From an exposure and financial perspective, health care corporations have faced civil lawsuits and regulatory fines in the hundreds of millions, not counting the negative publicity and risk of losing Medicare and Medicaid. Addiction is expensive with Health Insurance costs exceeding over $ 72.5 billion just for opioid use. (Coalition Against Insurance Fraud).

The question becomes “How can a hospital test the hundreds to thousands of leftover narcotic waste each day, and suspected tampered containers”? Outsourced laboratory methods are too slow and expensive to test the high volumes of returned narcotics administered daily. A simple, rapid, and inexpensive in-house solution is essential. In-house narcotic test methods are considered as presumptive tests, similar to field chemical test kits, and mobile analyzers routinely used by law enforcement. These mobile tests can be submitted as evidence in court cases, but are typically implemented in plea bargain negotiations. These presumptive tests are used to identify and delineate diversion issues in the hospital.

Presumptive testing of narcotics returned to the hospital pharmacy with the VeriLinkRx immediately alerts staff to tampered or sub-therapeutic dosage levels. The VeriLinkRx rapidly tests Dilaudid, Fentanyl, Morphine, Versed and other liquid injectables with results as fast as 10s.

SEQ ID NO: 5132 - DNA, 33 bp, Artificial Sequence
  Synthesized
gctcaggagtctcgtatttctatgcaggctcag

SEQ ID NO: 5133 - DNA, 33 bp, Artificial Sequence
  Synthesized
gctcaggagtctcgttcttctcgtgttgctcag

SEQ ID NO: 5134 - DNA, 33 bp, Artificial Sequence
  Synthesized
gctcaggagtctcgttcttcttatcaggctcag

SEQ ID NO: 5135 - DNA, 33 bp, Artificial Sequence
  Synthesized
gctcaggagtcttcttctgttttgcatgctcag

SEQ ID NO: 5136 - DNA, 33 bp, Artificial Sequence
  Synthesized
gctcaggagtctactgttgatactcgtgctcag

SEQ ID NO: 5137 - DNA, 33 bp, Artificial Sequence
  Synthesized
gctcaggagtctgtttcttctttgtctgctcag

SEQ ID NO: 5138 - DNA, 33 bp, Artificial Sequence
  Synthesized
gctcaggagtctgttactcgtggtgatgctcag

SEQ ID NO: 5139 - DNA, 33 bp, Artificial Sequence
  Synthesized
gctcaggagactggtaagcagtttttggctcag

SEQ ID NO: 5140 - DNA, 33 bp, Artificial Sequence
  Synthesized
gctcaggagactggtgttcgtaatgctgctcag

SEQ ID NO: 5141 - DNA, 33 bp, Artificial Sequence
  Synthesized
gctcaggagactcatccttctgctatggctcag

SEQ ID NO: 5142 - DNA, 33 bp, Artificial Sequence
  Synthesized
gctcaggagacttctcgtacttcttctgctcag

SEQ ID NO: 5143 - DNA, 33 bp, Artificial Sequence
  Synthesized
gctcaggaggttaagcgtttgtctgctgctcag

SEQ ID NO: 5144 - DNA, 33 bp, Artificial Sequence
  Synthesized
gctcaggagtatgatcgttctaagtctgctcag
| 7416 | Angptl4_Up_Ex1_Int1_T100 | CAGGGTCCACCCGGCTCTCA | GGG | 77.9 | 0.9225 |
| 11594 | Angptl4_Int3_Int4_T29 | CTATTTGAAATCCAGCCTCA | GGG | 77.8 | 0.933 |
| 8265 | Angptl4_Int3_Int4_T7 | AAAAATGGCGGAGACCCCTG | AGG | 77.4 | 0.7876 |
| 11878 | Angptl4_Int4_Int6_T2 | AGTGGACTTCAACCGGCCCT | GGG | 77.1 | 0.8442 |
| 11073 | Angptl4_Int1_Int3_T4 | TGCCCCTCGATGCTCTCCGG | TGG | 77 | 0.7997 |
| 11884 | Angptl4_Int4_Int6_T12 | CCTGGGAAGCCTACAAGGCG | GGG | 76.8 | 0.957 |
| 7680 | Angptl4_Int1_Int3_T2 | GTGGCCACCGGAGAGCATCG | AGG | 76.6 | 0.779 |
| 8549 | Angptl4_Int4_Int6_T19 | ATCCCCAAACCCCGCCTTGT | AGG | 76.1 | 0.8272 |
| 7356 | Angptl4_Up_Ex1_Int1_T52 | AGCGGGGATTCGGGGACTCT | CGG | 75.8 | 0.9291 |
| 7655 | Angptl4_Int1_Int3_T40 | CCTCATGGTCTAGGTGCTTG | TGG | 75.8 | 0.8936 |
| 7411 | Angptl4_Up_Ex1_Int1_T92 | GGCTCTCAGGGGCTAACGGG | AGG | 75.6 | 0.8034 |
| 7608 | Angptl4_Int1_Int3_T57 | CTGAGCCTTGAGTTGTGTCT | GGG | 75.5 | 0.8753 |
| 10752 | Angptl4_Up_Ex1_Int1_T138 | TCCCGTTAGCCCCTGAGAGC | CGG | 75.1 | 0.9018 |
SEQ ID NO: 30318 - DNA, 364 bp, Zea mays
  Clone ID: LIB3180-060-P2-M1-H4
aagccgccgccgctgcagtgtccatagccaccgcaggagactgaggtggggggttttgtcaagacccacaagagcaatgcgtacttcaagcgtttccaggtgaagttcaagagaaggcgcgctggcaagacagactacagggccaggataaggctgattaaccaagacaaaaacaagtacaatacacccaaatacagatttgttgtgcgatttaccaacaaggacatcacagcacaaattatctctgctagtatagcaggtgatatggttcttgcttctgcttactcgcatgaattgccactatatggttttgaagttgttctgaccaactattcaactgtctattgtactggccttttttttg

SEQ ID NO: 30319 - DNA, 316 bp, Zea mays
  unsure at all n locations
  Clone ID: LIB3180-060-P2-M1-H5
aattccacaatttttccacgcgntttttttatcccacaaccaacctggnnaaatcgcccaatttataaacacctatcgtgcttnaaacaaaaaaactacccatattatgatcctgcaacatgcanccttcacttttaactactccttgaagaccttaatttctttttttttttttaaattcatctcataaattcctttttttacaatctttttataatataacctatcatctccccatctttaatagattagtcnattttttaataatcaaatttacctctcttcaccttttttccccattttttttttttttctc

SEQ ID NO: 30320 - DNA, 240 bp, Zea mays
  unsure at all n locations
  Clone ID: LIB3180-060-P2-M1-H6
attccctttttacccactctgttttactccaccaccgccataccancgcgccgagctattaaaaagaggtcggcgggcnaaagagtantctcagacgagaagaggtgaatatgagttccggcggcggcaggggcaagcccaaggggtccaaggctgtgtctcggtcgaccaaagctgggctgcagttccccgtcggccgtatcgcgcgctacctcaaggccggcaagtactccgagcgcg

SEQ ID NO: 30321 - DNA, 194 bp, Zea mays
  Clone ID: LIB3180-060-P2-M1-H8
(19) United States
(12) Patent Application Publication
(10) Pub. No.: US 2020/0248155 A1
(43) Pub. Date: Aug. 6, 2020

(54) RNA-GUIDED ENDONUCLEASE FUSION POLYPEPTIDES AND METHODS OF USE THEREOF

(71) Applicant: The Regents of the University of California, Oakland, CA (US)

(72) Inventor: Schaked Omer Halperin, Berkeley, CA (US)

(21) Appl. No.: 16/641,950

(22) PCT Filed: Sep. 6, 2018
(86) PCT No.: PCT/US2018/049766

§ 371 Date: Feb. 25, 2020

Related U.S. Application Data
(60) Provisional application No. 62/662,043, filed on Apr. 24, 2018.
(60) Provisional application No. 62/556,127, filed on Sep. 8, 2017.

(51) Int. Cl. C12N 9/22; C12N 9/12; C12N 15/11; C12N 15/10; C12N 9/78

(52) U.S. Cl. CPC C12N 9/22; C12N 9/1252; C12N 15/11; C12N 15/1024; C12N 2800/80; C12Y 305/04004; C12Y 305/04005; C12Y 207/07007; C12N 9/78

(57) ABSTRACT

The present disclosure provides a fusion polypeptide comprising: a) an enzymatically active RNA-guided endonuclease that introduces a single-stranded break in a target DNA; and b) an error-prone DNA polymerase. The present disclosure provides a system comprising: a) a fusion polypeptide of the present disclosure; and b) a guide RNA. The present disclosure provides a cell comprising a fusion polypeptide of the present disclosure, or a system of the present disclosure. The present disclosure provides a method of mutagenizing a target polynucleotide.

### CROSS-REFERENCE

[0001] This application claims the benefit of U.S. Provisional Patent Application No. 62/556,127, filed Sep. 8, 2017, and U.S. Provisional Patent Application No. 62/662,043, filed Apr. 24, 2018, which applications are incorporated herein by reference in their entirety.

The VeriLink validates what’s in the vial, and tests for concentrations.

The VeriLinkRx contains a library of drug references, and any new drug can be added as a reference standard. A simple pass/fail or red light/green light is provided on the display after each test. If the sample fails, the VeriLinkRx provides dilution (concentration) values.

To detect dilutions of Fentanyl in water the VeriLinkRx needs to meet the verifiable ±0.000005 reproducibility and have a high stable temperature control system to stabilize the temperature to 20°C ±0.01°C. Other technologies like wet chemical tests and handheld refractometers have been used to test narcotic waste. However, technologies like handheld refractomers are performance limited because of their design and are not sensitive enough to detect concentration levels less than 1 mg per ml, including Fentanyl.

Rudolph’s operating system, graphical user interface, encrypted database, and optical system were designed based upon strict pharmaceutical compliance criteria, and these features are enabled in the VeriLinkRx.

Prior to implementing the VeriLinkRx a hospital pharmacy must have procedures in place to collect narcotic waste. Some hospitals simply collect suspect samples, while others implement routine or random waste collection. Secured waste containers are typically implemented. Testing with the VeriLinkRx takes only seconds per sample allowing the operator to test large quantities of drug waste returns quickly.

The VeriLinkRx system is easily integrated by adding an audit or spot check routine. It is not necessary to test every sample. Normally, a protocol is established to check the returns from rotations in operating wards.

Inspection of the data metrics obtained from the VeriLinkRx will display patterns of narcotic diversion, requiring investigation as further action.